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Gay fathers win birth certificate rights

Gay men who use a surrogate mother to have children are entitled not to name the woman on the birth certificate, a judge in Connecticut has ruled.

At a hearing at Connecticut Superior Court last month, Judge Lloyd Cutsumpas backed the claim of Peter Griffiths and Angel Naranjo that they are the only parents of their child.

The couple entered into a contract with Kenisha Taylor last year, which saw the surrogate implanted with two embryos – a process which resulted in the birth of one child, reports Gay City Times.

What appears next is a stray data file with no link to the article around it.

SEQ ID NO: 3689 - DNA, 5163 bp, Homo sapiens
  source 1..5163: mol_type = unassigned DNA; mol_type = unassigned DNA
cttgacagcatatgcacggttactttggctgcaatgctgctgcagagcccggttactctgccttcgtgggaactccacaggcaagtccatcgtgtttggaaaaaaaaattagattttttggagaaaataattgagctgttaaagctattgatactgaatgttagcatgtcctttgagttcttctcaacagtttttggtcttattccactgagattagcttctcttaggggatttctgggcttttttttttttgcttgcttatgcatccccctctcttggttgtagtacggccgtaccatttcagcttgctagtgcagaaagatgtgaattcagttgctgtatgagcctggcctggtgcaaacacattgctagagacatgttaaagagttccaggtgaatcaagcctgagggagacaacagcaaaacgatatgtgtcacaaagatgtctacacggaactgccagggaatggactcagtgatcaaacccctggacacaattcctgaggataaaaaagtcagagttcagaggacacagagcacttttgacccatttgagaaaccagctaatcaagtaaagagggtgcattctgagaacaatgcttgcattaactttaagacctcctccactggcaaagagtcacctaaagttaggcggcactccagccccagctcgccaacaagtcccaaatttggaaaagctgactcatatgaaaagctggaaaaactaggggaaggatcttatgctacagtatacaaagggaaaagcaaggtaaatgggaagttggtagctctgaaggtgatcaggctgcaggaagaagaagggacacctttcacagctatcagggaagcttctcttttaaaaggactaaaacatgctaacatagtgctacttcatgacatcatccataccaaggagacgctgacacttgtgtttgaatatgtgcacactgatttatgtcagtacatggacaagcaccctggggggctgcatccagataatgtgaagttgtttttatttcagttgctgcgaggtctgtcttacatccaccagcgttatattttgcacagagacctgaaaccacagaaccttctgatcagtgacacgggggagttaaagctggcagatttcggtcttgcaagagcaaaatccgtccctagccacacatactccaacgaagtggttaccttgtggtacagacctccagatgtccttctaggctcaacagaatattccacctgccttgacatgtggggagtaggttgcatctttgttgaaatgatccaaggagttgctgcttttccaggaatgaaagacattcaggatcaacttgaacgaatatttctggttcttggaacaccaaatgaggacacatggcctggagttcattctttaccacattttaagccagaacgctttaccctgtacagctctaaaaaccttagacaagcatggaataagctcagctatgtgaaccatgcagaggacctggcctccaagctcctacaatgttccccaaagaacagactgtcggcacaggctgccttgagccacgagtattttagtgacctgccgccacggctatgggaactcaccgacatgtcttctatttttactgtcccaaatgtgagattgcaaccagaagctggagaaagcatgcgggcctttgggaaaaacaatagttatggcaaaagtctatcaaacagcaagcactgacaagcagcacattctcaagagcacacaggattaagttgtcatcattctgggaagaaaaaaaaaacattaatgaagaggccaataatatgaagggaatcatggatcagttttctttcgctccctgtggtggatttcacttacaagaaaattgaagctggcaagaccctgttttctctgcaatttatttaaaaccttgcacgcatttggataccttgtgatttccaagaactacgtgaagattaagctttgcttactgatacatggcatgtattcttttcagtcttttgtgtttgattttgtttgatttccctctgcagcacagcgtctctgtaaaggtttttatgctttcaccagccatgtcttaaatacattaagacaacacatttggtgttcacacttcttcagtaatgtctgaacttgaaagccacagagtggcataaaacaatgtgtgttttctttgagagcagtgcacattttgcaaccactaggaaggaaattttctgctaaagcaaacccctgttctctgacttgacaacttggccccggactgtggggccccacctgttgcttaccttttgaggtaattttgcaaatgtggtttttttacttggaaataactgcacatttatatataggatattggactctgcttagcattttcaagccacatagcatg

State law requires the birth certificate to be provided as soon as a baby is born and specifies that the birth mother must be named.

However, Mr Griffiths and Mr Naranjo felt that they are both father and mother to the child, and that the fact should be reflected on the legal documentation.

Judge Cutsumpas agreed, explaining: "Names on a birth certificate are not necessarily just an acknowledgment of paternity but can also establish legal responsibilities to a child."

His ruling means that Ms Taylor is no longer legally regarded as one of the child’s parents.

In 1999, Barrie Drewitt and Tony Barlow made history when they became the first same-sex couple in the UK to be recognized as joint-parents on their children’s birth certificates.